Setting Override Values in Helm-based Operators

Learn how to set override values and pass environment variables to your Helm chart.

Sometimes it is useful to pass down environment variables from the Operators Deployment all the way to the helm charts templates. This allows the Operator to be configured at a global level at runtime. This is new compared to dealing with the helm CLI as they usually don’t have access to any environment variables in the context of Tiller (helm v2) or the helm binary (helm v3) for security reasons.

With the helm Operator this becomes possible by override values. This enforces that certain template values provided by the chart’s default values.yaml or by a CR spec are always set when rendering the chart. If the value is set by a CR it gets overridden by the global override value. The override value can be static but can also refer to an environment variable and use go templates. To pass down environment variables to the chart override values is currently the only way.

An example use case of this is when your helm chart references container images by chart variables, which is a good practice. If your Operator is deployed in a disconnected environment (no network access to the default images location) you can use this mechanism to set them globally at the Operator level using environment variables versus individually per CR / chart release.

Note that it is strongly recommended to reference container images in your chart by helm variables and then also associate these with an environment variable of your Operator like shown below. This allows your Operator to be mirrored for offline usage when packaged for OLM.

Basic usage

To configure your operator with override values, add an overrideValues map to your watches.yaml file for the GVK and chart you need to override. For example, to change the repository used by the nginx chart, you would update your watches.yaml to the following:

# Use the 'create api' subcommand to add watches to this file.
- group: example.com
  version: v1alpha1
  kind: Nginx
  chart: helm-charts/nginx
  overrideValues:
    image.repository: quay.io/mycustomrepo/myimage

By setting image.repository to quay.io/mycustomrepo/myimage you are ensuring that quay.io/mycustomrepo/myimage will always be used instead of the chart’s default repository (nginx). If the CR attempts to set this value, it will be ignored.

Using environment variables

It is also possible to reference environment variables in the overrideValues section:

  overrideValues:
    image.repository: $IMAGE_REPOSITORY # or ${IMAGE_REPOSITORY}

By using an environment variable reference in overrideValues you enable these override values to be set at runtime by configuring the environment variable on the operator deployment. For example, in config/manager/manager.yaml you could add the following snippet to the container spec:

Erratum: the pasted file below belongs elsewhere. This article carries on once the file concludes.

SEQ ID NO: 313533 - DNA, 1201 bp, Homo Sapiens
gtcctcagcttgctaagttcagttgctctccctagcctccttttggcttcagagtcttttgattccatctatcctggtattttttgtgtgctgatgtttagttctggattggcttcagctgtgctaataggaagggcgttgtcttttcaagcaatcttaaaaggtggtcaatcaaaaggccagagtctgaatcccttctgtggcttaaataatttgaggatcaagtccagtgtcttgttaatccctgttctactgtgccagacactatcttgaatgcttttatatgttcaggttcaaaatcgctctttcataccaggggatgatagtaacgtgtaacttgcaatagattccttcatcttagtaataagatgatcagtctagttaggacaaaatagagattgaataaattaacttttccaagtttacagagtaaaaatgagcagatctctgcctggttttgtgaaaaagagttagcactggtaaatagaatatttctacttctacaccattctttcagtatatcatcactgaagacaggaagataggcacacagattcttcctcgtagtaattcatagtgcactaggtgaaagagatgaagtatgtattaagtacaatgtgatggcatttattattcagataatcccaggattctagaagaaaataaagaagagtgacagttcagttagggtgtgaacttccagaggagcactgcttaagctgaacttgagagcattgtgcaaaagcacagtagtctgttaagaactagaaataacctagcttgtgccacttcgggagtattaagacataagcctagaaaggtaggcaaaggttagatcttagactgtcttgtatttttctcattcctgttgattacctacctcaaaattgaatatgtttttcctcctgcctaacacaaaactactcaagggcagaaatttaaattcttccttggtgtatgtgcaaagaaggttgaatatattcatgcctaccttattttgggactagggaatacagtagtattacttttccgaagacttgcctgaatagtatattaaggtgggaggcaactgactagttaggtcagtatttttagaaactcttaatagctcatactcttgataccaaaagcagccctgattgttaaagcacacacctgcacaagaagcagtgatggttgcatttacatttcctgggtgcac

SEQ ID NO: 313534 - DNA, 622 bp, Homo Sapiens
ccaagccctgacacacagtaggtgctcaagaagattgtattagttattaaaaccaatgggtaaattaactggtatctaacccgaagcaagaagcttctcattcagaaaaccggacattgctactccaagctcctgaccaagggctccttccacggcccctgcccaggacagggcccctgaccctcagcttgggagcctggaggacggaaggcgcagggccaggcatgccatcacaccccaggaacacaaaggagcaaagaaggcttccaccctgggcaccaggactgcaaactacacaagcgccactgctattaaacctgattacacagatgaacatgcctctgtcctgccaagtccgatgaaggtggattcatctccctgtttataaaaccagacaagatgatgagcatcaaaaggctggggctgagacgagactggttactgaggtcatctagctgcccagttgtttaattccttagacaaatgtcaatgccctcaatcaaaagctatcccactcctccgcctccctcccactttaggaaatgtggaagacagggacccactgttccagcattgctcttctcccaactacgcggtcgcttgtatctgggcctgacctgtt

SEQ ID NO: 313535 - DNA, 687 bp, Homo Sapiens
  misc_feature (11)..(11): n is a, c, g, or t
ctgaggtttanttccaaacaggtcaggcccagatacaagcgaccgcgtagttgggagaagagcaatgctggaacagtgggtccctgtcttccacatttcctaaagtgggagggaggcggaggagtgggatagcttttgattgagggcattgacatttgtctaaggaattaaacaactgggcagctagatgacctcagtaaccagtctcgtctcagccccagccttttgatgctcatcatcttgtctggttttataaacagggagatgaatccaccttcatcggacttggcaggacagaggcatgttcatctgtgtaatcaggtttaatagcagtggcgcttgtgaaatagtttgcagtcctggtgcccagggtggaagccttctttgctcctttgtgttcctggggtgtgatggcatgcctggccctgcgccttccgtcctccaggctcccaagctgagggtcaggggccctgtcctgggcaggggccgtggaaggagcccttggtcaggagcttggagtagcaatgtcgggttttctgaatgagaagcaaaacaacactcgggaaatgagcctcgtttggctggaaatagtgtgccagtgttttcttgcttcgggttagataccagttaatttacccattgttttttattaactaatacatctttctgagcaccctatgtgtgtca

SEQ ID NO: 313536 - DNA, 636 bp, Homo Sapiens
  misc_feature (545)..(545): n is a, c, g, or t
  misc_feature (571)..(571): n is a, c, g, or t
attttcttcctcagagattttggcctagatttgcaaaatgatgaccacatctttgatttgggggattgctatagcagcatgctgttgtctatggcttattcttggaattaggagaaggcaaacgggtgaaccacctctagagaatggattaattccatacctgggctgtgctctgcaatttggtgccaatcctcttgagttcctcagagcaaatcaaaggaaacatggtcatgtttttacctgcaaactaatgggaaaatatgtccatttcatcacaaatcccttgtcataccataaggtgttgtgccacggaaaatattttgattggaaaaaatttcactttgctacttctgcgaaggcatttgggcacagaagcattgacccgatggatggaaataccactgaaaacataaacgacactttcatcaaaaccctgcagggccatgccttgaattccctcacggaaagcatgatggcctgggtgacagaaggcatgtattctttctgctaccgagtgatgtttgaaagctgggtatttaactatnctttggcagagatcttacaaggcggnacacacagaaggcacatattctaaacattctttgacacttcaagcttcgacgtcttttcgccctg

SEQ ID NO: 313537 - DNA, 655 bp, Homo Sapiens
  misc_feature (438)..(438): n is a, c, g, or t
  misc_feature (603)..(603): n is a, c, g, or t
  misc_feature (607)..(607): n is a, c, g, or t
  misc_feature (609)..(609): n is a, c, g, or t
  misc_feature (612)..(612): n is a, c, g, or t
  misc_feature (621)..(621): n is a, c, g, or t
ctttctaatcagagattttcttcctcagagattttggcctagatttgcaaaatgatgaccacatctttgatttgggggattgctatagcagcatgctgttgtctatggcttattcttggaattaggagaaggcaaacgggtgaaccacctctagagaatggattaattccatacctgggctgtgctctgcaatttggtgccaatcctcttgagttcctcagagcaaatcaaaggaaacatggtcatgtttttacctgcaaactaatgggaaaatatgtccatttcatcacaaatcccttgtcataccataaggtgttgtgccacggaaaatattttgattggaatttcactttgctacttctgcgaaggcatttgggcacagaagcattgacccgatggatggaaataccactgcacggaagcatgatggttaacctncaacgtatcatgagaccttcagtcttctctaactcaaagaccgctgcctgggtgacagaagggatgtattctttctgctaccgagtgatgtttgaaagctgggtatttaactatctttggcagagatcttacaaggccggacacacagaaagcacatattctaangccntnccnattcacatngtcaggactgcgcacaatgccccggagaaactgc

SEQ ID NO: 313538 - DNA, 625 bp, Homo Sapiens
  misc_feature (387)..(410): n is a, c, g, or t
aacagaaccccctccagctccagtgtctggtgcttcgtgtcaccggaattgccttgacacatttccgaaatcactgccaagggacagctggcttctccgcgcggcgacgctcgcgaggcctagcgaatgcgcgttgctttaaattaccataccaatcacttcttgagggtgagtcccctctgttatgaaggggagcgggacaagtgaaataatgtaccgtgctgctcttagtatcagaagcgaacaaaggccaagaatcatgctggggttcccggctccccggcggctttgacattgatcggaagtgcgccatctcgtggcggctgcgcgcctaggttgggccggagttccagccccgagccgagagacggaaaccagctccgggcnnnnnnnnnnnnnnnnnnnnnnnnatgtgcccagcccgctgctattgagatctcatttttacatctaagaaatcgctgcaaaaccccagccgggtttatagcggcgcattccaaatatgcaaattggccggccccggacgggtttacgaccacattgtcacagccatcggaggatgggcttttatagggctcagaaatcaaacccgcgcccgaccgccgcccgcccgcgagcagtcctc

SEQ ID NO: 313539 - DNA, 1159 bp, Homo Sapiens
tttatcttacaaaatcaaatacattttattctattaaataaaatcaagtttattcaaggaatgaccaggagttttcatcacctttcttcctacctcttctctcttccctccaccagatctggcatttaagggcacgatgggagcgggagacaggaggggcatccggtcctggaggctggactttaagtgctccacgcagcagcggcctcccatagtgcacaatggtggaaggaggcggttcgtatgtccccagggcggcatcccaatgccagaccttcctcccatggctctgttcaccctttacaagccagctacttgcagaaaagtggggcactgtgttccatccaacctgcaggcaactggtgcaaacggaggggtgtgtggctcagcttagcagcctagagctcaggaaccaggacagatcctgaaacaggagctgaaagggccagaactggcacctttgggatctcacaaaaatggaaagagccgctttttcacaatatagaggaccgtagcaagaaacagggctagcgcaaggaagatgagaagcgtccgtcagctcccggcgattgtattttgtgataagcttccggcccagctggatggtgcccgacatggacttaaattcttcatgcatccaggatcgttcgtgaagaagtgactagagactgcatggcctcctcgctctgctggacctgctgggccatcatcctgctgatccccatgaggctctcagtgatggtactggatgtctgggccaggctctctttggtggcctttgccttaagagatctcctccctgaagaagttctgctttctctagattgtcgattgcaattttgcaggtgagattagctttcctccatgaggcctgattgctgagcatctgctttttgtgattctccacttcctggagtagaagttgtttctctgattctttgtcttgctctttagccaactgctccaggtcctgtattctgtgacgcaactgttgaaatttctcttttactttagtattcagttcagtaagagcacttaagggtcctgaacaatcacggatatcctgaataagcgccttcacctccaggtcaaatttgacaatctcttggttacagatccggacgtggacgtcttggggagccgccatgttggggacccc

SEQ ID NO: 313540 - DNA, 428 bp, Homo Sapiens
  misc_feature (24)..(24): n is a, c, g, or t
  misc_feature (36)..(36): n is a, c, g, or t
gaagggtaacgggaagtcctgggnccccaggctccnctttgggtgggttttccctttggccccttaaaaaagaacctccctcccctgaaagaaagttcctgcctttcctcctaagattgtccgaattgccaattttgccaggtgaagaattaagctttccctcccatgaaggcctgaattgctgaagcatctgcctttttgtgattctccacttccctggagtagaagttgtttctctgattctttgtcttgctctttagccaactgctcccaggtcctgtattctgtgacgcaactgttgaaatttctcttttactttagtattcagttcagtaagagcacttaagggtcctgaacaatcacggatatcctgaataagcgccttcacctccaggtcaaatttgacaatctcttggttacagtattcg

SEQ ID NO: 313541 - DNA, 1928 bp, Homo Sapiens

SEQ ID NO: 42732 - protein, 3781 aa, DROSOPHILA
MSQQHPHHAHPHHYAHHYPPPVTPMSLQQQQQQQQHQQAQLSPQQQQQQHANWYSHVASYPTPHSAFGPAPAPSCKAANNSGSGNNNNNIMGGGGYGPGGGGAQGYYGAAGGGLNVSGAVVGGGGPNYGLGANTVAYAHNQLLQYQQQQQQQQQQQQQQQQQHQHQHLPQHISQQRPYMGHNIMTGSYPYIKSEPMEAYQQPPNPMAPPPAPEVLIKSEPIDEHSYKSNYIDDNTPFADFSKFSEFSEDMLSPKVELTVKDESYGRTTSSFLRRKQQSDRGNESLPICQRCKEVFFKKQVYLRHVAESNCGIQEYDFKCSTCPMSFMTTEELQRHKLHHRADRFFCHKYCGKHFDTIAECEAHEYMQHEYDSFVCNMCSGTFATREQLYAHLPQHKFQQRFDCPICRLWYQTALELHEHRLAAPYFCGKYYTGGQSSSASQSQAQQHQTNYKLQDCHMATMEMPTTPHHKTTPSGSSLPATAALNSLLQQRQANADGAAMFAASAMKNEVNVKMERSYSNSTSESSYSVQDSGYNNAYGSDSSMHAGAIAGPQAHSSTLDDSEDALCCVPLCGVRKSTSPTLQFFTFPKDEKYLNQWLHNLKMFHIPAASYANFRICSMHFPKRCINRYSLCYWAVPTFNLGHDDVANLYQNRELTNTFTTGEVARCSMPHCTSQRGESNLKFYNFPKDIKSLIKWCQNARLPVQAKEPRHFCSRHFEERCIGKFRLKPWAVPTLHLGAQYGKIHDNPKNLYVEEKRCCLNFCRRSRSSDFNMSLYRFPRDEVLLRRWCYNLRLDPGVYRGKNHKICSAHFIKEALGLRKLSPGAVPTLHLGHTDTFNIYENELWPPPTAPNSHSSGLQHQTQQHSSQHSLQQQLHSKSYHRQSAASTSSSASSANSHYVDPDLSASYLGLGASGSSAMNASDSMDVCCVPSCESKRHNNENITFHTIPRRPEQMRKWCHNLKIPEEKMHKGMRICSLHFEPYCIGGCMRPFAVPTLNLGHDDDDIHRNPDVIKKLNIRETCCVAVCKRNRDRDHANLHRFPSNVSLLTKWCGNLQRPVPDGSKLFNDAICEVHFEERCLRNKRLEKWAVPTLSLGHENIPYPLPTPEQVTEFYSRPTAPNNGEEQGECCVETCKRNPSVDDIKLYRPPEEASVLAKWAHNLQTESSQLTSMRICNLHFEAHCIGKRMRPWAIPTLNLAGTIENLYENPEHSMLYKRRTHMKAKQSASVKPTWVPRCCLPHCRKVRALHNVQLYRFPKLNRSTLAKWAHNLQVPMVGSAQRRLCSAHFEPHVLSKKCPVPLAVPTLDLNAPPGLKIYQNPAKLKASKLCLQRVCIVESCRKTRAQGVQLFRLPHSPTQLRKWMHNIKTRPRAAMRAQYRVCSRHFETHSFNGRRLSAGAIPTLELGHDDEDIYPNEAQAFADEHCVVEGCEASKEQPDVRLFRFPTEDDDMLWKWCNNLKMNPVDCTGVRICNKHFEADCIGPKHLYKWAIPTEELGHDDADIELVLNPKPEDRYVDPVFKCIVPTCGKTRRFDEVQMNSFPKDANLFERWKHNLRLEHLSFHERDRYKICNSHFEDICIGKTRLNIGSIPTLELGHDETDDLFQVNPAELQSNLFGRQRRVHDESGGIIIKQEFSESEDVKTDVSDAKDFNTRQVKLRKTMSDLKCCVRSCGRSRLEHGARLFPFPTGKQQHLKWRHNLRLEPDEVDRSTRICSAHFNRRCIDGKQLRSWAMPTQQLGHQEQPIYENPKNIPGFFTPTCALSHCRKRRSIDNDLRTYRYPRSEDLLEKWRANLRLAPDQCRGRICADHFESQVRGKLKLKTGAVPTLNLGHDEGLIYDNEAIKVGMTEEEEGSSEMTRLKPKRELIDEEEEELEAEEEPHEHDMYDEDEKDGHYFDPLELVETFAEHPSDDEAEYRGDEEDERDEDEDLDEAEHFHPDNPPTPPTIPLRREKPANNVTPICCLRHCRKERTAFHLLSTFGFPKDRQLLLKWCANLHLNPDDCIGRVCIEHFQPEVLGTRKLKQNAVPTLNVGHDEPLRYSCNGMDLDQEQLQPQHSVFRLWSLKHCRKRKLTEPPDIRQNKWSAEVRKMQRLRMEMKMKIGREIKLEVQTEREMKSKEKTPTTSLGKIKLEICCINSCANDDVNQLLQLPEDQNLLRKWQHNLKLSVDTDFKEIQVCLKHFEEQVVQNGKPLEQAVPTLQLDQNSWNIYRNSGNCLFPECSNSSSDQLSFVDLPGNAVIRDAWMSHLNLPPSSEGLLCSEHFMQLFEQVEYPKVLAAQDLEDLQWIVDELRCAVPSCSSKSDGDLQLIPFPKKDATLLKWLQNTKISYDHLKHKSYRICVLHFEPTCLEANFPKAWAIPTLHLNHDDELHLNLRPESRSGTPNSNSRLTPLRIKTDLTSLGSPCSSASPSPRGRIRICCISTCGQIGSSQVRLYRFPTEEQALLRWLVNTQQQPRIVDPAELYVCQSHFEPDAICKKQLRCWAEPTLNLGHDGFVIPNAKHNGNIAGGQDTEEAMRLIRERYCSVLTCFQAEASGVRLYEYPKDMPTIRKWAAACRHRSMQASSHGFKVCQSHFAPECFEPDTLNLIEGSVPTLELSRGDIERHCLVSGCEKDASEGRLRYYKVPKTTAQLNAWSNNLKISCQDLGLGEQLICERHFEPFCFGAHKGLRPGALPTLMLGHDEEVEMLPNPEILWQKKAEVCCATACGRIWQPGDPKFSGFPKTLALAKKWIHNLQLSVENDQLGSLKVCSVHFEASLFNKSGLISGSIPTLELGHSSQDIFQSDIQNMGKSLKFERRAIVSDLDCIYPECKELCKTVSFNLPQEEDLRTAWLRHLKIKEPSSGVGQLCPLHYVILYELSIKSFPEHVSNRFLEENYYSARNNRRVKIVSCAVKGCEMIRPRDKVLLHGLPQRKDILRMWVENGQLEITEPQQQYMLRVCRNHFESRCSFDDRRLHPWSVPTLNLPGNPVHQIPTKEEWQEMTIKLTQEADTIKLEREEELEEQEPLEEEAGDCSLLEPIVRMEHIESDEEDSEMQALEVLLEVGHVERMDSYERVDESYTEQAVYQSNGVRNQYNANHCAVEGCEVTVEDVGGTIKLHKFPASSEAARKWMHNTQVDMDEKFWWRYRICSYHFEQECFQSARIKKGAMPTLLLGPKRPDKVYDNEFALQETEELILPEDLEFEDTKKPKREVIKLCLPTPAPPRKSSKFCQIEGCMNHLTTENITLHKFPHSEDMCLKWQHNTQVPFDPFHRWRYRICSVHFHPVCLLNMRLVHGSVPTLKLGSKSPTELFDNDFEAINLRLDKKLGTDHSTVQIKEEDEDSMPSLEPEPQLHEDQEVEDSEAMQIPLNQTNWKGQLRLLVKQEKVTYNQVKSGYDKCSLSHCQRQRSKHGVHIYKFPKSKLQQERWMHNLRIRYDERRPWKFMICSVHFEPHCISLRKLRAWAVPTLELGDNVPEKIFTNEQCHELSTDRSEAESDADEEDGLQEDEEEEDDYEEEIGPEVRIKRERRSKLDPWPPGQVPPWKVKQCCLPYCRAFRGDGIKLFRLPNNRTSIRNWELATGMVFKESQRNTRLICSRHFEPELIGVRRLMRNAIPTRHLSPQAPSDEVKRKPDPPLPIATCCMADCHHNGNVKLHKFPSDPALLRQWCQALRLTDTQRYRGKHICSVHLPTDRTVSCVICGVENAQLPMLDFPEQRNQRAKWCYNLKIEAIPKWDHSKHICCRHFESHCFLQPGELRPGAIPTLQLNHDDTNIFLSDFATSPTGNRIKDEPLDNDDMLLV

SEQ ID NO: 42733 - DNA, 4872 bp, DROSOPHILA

env:
  - name: IMAGE_REPOSITORY
    value: quay.io/mycustomrepo/myimage

If an environment variable reference is listed in overrideValues, but is not present in the environment when the operator runs, it will resolve to an empty string and override all other values. Therefore, these environment variables should always be set. It is suggested to update the Dockerfile to set these environment variables to the same defaults that are defined by the chart.

Using Go templates

Lastly, you can use Go text/template strings along with slim-sprig functions to provide even more flexibility when building override values.

For example, consider a situation where your operator has an environment variable, $IMAGE, set to quay.io/mycustomrepo/myimage:latest. You can use sprig template functions to split that environment variable into its repo and tag:

  overrideValues:
    image.repository: '{{ ("$IMAGE" | split ":")._0 }}'
    image.tag: '{{ ("$IMAGE" | split ":")._1 }}'

The resulting override values sent to the helm installation would look like:

  overrideValues:
    image.repository: quay.io/mycustomrepo/myimage
    image.tag: latest

Event generation

To warn users that their CR settings may be ignored, the Helm operator creates events on the CR that include the name and value of each overridden value. For example:

$ kubectl describe nginxes.example.com
...
Events:
  Type     Reason               Age   From              Message
  ----     ------               ----  ----              -------
  Warning  OverrideValuesInUse  1m    nginx-controller  Chart value "image.repository" overridden to "quay.io/mycustomrepo" by operator's watches.yaml